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Eversheds comment: Food prices predicted to rise after latest food scandal

  • United Kingdom


    As test results from a public laboratory in West Yorkshire find more additives in food products, including a withdrawn prescription drug for obesity in herbal tea, David Young, Head partner of Health and Safety at global law firm Eversheds, considers the consequences:

    "Perhaps the only surprise here is the extent of the issue. The finding from a public laboratory in West Yorkshire not only confirm Professor Chris Elliott's message but highlight a problem in the UK that is going to be a long time solving.

    “In my view there are at least three factors responsible - and to a degree they are UK-centric. First, we chose when creating the Food Standards Agency in 1999 to keep the policing and enforcement role largely separate. That was driven down local authority lines which has led to inconsistency in delivery and local funding priority decisions away from the food sector. Second, whilst independent testing facilities are essential, no-one prioritised and, more importantly, wanted to pay for their continued existence in sufficient numbers. Third, whether one sees it as consumer-driven or retailer-driven, we want year-round availability and we want cheap. Manufacturers and retailers may well feel they are too easy a target from all sides. The stark reality is that there are too many individuals willing to seek unlawful gains at the expense of others – not just consumers.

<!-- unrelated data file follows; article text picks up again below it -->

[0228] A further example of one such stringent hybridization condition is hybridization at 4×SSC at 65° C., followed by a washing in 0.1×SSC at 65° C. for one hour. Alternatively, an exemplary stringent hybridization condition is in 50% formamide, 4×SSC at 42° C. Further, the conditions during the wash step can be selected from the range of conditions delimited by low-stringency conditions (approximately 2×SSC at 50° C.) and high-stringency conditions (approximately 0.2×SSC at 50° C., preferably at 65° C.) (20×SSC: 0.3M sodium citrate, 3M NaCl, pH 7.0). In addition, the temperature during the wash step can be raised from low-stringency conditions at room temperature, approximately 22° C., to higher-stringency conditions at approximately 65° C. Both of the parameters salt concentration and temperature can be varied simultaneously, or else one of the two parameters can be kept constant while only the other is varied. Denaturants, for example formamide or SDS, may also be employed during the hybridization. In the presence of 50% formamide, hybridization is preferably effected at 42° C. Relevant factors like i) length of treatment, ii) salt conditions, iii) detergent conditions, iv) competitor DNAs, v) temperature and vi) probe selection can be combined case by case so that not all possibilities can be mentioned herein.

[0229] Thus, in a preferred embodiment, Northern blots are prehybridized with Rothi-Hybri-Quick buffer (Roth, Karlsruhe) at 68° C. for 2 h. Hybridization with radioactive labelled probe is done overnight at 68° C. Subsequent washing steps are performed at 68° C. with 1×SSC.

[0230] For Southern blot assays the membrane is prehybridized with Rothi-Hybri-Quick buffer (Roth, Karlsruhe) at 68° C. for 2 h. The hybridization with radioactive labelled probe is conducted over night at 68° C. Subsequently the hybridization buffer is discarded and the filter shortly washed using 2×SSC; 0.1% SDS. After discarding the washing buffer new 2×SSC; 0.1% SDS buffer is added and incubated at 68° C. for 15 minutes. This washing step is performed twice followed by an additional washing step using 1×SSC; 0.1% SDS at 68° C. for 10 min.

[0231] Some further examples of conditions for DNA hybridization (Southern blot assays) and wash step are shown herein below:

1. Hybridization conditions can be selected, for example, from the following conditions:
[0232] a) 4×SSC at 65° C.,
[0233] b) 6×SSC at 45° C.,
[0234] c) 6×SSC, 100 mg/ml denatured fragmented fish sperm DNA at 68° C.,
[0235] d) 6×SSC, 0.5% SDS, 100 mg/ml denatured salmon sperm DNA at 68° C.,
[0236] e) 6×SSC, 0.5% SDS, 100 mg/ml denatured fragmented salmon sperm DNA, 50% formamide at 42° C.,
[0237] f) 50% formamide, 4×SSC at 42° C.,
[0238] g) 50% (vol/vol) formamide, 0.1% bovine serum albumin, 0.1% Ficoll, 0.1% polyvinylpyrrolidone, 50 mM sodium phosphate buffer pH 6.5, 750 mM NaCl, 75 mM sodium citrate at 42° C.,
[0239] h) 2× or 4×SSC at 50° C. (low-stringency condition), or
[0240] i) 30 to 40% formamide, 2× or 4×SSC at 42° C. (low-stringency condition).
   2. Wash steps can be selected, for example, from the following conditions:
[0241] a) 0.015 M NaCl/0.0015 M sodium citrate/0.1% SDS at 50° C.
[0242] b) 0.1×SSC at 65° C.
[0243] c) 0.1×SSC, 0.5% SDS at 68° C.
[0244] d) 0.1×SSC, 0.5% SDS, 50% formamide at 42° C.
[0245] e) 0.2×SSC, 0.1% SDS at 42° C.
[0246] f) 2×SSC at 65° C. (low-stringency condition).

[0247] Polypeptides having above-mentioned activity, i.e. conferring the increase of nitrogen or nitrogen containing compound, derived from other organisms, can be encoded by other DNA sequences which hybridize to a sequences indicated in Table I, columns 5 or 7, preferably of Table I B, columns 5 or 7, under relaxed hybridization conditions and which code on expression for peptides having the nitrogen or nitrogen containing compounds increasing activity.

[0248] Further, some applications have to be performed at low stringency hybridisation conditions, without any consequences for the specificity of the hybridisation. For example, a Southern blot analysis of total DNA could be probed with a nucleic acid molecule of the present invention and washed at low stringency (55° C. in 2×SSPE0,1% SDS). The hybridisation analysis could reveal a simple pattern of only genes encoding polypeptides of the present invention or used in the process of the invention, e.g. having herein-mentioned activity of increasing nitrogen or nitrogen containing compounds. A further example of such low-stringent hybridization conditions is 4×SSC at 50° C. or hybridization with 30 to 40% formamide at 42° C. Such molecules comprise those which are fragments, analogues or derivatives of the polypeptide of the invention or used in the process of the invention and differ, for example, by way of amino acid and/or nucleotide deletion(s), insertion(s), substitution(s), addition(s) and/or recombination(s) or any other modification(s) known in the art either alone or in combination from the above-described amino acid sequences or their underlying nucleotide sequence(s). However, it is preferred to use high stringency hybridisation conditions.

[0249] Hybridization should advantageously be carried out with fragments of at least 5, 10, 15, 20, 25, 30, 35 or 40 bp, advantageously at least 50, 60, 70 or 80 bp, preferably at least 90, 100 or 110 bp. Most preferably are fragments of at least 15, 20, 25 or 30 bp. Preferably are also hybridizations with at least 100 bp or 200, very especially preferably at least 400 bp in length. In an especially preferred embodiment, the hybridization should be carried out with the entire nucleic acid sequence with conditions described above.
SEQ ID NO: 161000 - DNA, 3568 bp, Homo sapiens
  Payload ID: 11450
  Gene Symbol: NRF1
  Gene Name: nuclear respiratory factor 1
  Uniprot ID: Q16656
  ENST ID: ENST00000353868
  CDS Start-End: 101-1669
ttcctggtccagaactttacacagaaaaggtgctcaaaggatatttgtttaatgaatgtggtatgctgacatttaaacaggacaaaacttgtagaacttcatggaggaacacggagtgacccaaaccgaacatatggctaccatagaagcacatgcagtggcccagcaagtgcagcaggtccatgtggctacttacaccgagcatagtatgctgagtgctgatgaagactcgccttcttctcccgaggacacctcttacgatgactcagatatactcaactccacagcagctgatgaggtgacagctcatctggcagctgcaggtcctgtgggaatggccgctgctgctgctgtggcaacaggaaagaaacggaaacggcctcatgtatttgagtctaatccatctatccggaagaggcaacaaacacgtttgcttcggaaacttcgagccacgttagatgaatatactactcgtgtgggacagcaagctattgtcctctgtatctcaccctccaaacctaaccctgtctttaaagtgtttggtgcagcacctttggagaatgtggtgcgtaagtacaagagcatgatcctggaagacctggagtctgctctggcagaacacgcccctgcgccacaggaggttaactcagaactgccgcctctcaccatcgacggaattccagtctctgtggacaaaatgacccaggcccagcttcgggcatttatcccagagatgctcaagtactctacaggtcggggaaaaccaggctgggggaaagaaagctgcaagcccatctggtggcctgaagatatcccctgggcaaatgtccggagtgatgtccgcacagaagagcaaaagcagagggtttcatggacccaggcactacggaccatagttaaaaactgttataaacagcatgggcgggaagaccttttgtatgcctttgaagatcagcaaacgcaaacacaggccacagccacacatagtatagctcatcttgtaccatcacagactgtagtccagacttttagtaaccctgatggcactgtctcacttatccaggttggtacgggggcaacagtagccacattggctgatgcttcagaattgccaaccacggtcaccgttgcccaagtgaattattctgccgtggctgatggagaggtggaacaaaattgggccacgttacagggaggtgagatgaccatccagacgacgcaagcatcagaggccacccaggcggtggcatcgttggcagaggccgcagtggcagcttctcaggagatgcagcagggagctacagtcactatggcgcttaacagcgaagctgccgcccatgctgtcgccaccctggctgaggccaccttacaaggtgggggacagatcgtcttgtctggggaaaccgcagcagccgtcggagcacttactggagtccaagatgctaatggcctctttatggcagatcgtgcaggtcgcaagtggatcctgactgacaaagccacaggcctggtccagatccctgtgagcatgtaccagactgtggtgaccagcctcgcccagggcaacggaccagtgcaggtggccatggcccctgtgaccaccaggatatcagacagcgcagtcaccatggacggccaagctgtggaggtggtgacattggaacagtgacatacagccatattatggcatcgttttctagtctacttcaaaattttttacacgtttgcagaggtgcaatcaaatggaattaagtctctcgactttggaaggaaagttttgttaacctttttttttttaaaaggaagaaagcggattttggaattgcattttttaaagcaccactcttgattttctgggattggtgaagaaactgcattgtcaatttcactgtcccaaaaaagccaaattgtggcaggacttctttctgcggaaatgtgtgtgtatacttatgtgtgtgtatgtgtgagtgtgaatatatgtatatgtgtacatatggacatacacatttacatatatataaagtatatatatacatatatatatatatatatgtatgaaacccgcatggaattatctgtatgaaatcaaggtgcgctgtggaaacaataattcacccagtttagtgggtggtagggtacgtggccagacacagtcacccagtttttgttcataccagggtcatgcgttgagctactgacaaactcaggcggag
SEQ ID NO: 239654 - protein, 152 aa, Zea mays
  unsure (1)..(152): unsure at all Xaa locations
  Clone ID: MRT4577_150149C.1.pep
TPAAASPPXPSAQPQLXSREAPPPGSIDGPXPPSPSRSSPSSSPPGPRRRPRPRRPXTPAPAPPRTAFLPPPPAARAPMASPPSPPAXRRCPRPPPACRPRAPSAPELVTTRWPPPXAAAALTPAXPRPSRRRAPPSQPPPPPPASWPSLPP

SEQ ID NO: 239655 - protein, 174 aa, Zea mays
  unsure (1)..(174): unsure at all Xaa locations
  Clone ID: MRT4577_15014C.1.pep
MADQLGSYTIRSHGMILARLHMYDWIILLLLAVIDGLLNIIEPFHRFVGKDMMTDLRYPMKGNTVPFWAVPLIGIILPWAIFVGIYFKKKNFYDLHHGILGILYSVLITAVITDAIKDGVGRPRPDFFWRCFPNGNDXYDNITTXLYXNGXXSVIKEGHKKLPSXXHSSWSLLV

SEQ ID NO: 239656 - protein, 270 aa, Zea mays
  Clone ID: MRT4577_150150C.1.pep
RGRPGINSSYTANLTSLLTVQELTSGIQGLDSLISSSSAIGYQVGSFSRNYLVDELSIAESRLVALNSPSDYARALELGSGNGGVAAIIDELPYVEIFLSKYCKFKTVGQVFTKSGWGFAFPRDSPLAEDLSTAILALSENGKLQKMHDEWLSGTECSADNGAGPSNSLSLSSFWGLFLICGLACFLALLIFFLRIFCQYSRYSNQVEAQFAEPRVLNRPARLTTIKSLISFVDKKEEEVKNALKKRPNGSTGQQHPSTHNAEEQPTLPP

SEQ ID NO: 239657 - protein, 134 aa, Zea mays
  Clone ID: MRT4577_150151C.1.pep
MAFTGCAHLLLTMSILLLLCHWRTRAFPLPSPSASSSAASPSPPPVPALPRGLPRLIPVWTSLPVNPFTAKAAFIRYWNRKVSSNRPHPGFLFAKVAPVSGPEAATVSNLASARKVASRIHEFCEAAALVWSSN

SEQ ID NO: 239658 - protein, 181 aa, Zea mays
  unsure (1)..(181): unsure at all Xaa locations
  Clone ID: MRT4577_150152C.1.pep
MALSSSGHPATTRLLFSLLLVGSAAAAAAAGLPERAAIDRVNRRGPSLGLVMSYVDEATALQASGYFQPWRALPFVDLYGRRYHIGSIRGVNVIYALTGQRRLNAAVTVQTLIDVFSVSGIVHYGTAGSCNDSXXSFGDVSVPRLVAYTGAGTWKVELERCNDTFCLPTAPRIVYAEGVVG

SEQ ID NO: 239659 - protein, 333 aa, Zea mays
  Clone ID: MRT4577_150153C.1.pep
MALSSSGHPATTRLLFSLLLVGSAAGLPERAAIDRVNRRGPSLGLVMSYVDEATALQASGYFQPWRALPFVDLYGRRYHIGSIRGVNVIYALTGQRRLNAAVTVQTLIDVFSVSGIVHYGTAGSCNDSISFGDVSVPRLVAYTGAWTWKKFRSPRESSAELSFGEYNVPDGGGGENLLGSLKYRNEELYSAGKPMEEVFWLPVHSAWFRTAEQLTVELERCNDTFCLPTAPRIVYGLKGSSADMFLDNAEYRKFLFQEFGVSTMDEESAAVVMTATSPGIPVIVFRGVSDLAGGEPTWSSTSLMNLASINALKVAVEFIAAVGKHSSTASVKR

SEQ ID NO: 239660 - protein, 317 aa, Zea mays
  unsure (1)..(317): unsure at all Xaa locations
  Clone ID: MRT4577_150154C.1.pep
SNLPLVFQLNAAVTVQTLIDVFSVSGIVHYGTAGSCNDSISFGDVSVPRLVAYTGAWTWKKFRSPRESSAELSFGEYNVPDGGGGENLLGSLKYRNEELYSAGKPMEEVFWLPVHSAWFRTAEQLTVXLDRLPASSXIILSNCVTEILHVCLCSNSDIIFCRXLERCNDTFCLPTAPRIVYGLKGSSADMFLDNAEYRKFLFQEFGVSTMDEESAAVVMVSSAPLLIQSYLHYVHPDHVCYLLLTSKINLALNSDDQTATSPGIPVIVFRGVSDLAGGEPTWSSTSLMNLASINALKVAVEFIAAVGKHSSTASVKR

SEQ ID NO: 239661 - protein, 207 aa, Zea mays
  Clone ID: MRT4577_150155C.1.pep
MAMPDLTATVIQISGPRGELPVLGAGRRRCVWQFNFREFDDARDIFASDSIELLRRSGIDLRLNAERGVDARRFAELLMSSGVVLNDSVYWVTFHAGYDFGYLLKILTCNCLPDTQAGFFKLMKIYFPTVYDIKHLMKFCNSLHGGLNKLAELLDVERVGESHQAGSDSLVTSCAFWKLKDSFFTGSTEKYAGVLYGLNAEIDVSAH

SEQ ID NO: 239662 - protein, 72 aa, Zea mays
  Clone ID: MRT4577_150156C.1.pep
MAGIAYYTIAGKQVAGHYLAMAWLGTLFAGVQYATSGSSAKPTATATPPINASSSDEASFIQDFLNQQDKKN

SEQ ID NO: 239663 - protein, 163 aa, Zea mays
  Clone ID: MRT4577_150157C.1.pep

“Expect a resurgence in the popularity of organic food, a re-ignition of the GM debate and - above all - prices to go up as a result."


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